The adjective is carefully chosen. When reading Murphy’s poems you won’t feel patronized or proselytized, and will almost assuredly find pleasure in their concision, precision and music. You’ll know the experience, rare in contemporary poetry, of a thoughtful person talking to you with the utmost care and clarity. He writes unapologetically devotional poems and a few that make you laugh out loud. You won’t find self-regarding obscurity or chopped-up prose passing for poetry, but you will learn things about the real world. Murphy shares his enthusiasms, among which are guns, dogs, birds, the weather, whiskey (formerly), John Donne and Anthony Hecht. Here is “Missouri Breaks”:
“I am a trespasser on treeless ground,
home to the sharptail and the furtive hun,
and here the tallest thing for miles around
is a small hunter shouldering his gun.
“A blooded dog quarters the feral rye,`
and my body’s long quarrel with my mind
is silenced by a landscape and a sky
legible as a Bible for the blind.”
Sharptails are grouse. Huns are Hungarian partridges. Both are game birds and Murphy, who is sixty years old, has hunted since childhood. He lives in North Dakota. Here is “Confessiones 10.27.38” (“—after St. Augustine”):
“Wrongly thinking that beauty lay without,
blindly I cast about.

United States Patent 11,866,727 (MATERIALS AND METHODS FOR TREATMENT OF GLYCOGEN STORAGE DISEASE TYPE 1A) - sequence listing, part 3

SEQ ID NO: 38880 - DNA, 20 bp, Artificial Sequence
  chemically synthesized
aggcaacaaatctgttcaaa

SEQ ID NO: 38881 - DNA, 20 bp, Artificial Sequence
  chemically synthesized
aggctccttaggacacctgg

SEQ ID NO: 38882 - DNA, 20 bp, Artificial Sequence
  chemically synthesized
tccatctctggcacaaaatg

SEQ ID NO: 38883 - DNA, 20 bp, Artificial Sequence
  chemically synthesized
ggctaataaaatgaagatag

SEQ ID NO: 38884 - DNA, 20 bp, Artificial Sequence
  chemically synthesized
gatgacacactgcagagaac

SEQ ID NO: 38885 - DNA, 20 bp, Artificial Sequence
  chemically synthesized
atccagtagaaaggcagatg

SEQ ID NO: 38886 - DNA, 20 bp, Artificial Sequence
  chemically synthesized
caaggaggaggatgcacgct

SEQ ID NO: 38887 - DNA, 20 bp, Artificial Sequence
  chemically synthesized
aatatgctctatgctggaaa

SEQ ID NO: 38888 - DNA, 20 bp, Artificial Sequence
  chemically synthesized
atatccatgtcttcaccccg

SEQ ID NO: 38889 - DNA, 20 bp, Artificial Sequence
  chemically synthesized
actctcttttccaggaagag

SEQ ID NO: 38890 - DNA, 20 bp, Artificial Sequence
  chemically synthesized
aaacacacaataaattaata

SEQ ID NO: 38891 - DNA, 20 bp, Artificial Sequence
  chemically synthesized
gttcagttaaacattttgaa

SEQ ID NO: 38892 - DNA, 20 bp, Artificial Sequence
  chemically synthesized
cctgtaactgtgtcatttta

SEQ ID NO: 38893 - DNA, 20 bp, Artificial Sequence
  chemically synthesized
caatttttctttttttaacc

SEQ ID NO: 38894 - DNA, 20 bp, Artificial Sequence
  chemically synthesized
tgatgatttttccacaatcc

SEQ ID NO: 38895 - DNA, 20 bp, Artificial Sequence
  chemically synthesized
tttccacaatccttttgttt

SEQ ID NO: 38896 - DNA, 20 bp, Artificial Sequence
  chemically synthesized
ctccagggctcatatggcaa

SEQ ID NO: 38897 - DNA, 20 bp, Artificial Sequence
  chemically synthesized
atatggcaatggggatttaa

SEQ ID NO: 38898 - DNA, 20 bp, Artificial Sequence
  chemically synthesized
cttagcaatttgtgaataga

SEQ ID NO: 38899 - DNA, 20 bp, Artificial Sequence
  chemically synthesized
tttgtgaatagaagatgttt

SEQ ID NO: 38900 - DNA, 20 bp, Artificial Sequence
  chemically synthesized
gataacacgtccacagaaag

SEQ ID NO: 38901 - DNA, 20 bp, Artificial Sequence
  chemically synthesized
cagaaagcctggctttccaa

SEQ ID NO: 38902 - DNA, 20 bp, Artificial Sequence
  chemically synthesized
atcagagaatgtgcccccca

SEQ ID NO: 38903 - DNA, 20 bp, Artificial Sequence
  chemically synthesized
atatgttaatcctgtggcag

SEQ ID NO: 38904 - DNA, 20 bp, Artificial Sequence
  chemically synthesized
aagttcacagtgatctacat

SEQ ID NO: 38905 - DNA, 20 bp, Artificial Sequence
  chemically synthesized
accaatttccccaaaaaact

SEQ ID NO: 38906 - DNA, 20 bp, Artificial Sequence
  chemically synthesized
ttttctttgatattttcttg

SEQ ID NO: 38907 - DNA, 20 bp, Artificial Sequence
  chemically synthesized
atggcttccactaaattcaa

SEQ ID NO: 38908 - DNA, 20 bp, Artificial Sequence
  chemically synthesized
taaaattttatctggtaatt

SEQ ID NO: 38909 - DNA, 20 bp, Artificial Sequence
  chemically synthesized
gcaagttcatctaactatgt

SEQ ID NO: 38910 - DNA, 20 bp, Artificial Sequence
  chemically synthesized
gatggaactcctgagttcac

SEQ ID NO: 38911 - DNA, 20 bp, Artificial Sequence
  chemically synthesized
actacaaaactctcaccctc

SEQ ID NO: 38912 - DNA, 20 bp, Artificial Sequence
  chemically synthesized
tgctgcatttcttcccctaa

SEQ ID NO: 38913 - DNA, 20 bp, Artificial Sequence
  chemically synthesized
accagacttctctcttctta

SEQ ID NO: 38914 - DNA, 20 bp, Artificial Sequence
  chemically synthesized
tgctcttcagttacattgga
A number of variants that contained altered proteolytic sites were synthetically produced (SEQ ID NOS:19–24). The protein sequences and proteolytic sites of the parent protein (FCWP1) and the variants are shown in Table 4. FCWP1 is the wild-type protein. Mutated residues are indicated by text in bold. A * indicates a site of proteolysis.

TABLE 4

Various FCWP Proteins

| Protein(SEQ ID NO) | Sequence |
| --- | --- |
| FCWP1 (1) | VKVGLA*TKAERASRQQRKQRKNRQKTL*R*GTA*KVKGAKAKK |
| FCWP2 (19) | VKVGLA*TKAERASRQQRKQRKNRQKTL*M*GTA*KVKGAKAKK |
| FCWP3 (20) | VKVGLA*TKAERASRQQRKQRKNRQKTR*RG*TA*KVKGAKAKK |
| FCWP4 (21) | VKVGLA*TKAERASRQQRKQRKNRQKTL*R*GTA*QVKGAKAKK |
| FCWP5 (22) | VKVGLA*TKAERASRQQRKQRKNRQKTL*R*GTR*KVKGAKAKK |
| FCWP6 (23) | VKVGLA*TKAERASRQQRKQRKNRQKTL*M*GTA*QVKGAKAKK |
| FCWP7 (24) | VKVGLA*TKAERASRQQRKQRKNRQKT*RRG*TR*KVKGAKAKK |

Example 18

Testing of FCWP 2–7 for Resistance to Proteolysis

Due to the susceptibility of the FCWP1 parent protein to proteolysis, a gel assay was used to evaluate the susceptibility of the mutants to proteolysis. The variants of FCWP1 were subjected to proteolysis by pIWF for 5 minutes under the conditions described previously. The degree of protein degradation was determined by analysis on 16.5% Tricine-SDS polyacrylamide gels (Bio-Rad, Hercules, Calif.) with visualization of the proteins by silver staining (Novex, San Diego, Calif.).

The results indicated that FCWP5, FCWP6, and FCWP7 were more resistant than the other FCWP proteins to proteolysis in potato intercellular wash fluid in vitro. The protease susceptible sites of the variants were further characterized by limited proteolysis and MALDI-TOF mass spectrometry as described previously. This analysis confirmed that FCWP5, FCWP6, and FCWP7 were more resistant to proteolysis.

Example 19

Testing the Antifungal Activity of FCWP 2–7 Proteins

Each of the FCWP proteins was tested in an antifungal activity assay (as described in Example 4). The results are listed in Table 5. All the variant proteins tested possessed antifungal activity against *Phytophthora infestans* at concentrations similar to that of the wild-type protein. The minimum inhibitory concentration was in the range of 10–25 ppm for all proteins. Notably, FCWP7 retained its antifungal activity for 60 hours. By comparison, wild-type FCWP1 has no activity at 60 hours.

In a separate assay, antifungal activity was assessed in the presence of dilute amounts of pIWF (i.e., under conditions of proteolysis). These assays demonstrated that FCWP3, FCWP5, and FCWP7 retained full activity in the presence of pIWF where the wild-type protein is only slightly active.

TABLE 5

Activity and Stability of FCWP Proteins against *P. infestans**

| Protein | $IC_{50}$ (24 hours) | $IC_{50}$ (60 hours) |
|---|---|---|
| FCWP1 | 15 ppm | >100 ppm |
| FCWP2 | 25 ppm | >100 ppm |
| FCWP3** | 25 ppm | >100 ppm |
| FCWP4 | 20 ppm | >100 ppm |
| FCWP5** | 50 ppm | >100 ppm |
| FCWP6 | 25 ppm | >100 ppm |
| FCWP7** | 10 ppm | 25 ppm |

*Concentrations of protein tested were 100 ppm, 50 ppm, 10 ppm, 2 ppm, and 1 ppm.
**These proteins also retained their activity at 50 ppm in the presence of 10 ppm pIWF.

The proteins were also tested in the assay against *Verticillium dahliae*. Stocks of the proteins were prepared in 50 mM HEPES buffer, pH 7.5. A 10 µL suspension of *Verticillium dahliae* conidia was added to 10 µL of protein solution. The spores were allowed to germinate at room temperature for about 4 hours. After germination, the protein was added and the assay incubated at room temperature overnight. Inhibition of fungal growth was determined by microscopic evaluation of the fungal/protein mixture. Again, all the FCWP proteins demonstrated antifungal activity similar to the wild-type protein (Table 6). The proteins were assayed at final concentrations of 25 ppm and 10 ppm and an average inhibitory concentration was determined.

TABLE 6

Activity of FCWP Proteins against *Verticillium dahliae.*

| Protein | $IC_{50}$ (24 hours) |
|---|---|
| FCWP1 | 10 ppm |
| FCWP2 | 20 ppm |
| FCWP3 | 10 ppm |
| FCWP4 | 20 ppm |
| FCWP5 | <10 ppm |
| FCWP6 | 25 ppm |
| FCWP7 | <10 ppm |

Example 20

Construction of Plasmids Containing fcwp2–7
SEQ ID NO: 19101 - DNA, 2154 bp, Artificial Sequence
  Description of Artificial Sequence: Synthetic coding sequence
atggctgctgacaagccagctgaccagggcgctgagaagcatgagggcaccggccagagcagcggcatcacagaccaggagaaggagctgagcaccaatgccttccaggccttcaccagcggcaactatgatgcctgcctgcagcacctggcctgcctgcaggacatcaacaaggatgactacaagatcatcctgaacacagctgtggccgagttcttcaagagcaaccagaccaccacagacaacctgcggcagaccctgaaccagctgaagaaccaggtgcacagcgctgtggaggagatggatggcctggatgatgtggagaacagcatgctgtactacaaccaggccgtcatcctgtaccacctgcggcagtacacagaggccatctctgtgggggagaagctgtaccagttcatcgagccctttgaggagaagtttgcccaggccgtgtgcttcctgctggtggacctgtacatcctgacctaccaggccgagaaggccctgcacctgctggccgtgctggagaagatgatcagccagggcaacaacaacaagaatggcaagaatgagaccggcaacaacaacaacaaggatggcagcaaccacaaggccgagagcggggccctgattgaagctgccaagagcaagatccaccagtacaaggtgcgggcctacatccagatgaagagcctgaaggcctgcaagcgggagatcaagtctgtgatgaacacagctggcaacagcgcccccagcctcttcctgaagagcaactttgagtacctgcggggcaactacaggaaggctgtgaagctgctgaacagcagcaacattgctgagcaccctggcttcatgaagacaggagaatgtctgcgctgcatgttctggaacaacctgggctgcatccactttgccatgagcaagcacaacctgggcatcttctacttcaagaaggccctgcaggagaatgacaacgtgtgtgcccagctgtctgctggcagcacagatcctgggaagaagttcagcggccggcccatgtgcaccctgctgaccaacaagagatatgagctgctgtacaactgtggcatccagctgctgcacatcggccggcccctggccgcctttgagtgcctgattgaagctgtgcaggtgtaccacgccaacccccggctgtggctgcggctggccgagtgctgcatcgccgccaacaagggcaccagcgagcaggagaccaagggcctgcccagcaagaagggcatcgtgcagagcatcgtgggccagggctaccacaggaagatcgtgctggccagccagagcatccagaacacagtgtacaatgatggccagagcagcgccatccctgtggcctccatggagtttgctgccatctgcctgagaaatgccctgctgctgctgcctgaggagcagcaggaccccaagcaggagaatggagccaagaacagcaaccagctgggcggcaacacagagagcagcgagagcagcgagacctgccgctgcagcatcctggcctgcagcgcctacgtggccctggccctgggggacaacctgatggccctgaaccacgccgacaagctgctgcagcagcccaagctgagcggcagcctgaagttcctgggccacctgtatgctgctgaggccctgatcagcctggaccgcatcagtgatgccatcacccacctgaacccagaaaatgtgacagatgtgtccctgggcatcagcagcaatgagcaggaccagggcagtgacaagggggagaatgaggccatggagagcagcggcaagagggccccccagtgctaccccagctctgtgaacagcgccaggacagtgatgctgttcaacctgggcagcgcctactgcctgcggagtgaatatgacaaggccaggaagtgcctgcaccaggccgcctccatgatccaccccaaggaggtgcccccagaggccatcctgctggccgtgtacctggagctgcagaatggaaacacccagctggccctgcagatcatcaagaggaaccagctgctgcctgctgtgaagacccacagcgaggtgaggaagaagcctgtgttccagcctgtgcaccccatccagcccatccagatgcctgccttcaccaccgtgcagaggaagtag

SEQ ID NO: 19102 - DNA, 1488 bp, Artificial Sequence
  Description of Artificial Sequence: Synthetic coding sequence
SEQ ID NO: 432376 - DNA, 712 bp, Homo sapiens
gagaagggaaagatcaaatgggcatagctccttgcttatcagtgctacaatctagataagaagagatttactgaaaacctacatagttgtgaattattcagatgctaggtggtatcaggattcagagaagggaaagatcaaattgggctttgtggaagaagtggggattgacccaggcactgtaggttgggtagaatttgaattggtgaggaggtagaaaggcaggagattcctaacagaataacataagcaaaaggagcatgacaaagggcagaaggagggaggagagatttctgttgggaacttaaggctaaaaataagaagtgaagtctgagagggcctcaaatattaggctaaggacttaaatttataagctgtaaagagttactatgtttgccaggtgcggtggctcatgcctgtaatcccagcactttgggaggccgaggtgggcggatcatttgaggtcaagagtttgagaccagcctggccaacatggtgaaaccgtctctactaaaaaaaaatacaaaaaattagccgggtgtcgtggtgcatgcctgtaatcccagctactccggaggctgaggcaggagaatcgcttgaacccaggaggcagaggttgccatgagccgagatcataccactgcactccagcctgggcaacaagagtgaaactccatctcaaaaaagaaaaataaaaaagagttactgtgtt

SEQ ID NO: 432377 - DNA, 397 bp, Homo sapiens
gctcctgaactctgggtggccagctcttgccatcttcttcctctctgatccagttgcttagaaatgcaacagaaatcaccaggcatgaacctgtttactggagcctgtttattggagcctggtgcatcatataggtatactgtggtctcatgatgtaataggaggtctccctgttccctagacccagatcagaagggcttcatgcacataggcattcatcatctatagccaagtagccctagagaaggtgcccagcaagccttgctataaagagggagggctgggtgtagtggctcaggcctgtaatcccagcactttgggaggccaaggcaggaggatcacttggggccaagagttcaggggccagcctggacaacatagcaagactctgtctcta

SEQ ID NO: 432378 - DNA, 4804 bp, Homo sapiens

How late did I begin
to realize your beauty lay within.
To one deprived of sight
you said Let there be light,
and to my deafened ear
you called, you cried! hoping that I might hear.
I thirsted, hungered, yearned.
You touched me, and I burned.
How late I came to you,
Beauty ever ancient, ever new.
How late I came to you.”
And here is “V.I.P. Lounge,” a praise song for some of Murphy’s poetic forebears:
“The most exclusive anteroom in Hades
caters to those who wrote well in their eighties:
classical poets, Pindar and Sophocles
exchanging shop talk with Simonides.
“Hardy and Frost, Francis and Hope are there.
Scovell, Virginia Hamilton Adair
And Janet Lewis, sharing a pot of tea,
Raise their cups, praising Mnemosyne.
“The Goddess turns Her back on the elect
To greet a new arrival, Anthony Hecht,
Who takes his place among the Greats in Hell.
Would I could live as long or write so well.”
On Thursday, the day after Murphy’s books arrived in the mail, I read this interview with Richard Rodriguez, author of the memoir Hunger of Memory (1982) and the essay collection Days of Obligation (1992), among other books. Despite the obvious differences, Rodriguez reminds me of Murphy. Both men are gay. Both are seriously Roman Catholic. Both revere tradition. Both might be called cultural outsiders who don’t cultivate “Outsider” status, who reject the poseur trappings of culturally sanctioned bohemia. Both have refused the claims of “identity politics” and write as individuals. Here is Rodriguez:
“The most ancient notions of writing propose that the writer is more passive than active. The writer waits until the graces (or grace) flows through him. The writer awaits inspiration. The writing which Monday was so sluggish is suddenly free on Tuesday. How to explain it? St. Thomas Aquinas says that writing is a kind of prayer, leaving oneself open, utterly vulnerable, to inspiration or God. That feels right to me.”